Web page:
Thursday, September 4, 2008

River-in-Egypt Alert

I just spent 5 excrutiating hours watching speeches by Romney (yawn), Huckabee (nice guy, needs a speechwriter), Rudy (you must forgive Homer....), and finally Sarah Palin (nasty good with the zingers).

And now I can't sleep. Shoulda known.

It was almost nostalgic to see them ranting on and on (and in Rudy's case at least, on and on and on...holy cow) about elite media, Hollywood celebrities, and left wing intellectuals (or as Dubya prefers , angry liberals). Nixon and Reagan would have been proud, George 41 probably felt right at home. And I'm sure it played very well in some quarters, and the narrative meshes nicely with the ringer that Palin and her family have been put through over the past week.

But it just seemed a little strange, I thought as I gave up with the tossing in bed, got up, grabbed a drink and booted up the computer, that these guys really seem to sincerely believe they can win the election by pissing on George Clooney and Maureen Dowd.

So I ask.

  • Who sent the US Army into Iraq on false pretenses - left wing intellectuals, or the Republican gang of George W. Bush and John McCain?
  • Who botched federal oversight of emergency programming post-Katrina - elite media, or the Republican gang of George W. Bush and John McCain?
  • Who sat idly by while banks and mortgage brokers and securities regulators converted American people's homes into Monopoly money and flushed down the toilet - Hollywood celebrities, or the Republican gang of George W. Bush and John McCain?
  • Do they really think they can get away with passing off America's problems on everybody except the guys who've been running the place for the past eight years?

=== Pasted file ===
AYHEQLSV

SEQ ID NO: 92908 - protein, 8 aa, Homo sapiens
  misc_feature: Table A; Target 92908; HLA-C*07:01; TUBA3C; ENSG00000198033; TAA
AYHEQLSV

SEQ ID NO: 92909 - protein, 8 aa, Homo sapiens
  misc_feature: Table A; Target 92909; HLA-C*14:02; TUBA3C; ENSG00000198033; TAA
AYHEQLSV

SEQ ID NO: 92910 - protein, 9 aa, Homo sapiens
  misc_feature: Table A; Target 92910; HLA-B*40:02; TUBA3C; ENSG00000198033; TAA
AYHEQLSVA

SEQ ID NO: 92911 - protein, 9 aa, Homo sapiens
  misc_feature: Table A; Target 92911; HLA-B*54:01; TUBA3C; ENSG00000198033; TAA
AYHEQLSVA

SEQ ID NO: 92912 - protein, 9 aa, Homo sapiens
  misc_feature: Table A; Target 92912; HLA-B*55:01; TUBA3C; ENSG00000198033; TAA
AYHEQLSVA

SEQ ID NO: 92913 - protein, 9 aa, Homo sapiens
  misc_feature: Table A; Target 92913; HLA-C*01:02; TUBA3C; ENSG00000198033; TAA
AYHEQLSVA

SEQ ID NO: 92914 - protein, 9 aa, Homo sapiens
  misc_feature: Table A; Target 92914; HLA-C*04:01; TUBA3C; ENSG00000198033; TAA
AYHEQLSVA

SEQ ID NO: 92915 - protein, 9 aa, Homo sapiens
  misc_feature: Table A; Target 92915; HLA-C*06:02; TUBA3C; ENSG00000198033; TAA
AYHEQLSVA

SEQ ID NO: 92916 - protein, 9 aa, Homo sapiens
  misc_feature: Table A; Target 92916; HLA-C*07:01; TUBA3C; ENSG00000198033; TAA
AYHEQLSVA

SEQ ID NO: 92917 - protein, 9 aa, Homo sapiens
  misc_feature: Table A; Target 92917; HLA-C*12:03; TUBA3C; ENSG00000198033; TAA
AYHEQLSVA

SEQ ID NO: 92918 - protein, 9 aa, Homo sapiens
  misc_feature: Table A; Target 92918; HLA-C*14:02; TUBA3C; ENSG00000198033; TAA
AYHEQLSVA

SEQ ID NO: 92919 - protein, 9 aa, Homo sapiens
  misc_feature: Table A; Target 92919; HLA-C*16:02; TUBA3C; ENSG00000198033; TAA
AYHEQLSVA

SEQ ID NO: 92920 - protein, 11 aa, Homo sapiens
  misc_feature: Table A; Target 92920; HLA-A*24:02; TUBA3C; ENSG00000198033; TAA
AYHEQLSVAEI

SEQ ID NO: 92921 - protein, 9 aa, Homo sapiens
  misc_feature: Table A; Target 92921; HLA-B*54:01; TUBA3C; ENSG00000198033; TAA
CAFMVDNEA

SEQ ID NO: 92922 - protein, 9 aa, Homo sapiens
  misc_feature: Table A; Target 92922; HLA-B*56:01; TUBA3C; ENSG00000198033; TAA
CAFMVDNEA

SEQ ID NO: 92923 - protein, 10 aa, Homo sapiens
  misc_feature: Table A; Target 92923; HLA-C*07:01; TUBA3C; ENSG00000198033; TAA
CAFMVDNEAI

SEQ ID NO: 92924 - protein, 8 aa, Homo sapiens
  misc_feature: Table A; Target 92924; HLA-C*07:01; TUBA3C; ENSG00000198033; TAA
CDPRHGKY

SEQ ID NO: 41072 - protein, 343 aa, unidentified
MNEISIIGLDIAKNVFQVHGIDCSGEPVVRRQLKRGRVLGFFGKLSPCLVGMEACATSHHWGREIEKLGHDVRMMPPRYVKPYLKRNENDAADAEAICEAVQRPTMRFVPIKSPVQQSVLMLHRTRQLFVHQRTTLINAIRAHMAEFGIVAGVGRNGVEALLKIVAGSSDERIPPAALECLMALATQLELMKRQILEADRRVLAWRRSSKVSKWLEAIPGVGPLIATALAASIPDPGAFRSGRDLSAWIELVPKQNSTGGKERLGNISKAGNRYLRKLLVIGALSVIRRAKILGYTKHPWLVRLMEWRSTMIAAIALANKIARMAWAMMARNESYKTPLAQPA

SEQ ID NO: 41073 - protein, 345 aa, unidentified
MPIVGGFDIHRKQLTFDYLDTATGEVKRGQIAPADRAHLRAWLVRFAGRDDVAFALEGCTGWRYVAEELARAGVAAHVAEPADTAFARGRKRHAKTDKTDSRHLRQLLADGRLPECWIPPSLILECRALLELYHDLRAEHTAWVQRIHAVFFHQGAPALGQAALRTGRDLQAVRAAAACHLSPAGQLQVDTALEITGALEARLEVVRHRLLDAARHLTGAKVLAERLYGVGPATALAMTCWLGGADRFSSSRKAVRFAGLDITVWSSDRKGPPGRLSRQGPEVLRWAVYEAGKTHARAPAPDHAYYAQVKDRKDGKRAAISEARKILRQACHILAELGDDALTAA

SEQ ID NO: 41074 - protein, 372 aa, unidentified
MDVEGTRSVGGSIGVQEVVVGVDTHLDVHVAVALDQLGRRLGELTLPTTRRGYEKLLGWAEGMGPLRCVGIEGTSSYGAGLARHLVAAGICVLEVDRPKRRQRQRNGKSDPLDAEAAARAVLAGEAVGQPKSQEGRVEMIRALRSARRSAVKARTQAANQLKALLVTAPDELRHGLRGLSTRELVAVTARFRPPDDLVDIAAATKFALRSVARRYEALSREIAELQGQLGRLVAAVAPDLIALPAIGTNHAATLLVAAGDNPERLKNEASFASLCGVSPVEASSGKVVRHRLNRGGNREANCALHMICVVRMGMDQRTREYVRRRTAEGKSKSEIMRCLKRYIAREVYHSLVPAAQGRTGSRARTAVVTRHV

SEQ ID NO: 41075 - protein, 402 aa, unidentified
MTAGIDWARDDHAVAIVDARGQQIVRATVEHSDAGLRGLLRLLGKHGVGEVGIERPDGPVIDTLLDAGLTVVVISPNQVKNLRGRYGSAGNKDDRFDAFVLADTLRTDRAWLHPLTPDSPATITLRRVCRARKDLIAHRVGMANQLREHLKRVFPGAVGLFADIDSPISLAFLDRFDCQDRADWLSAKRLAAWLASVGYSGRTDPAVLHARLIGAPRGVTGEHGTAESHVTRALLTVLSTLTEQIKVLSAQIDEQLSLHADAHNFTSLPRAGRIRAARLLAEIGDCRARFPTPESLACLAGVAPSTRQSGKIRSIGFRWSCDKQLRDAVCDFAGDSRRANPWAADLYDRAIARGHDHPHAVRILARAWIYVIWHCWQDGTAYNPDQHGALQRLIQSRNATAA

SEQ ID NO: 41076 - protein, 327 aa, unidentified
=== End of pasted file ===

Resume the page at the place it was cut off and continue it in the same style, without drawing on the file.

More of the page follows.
Call me an angry liberal if you want. Personally I prefer left wing intellectual. Whatever. I'm going back to bed.

Wednesday, September 3, 2008

2 Things I haven't blogged about yet and should

1) Macca in Quebec City. He had me at hello (or, if you prefer, at "bonsoir les qu├ębecois!"). He had me tearing up by the second verse of "Drive My Car." He had me bawling with the opening notes to "All My Loving." It is impossible for me to put into words how emotional it was to be there, standing among the 250,000+ fans on the Plains of Abraham, singing along with the crowd as he performed what is quite literally the soundtrack of my life. I saw him in 1989 at the Forum and in 1993 at the CNE in Toronto, and had a blast each time but back then I was too young to really appreciate what the music meant to me then. But I get it now, and I savoured every moment, every perfect note, every miscue (Paul giggling his way through the first verse of "Lady Madonna" after reinterpreting the opening piano riff, for example).

2) More on carbon taxes. Probably best that I hold my peace on this one, for the time being at least. I said in my last post (in June!!) that what I really care about is the quality, and the honesty, of the debate on this issue in the coming election. Let's see how it plays in the coming weeks.

Thursday, June 19, 2008

Today this little Canadian cares about...

...taxes. Carbon taxes. Income taxes.

A longer post later, but I was tickled to partake (this, by the way, is a more - shall we say - appropriate usage of that particular word than others I've heard recently) in a fascinating discussion on Andre Coyne's blog at Macleans.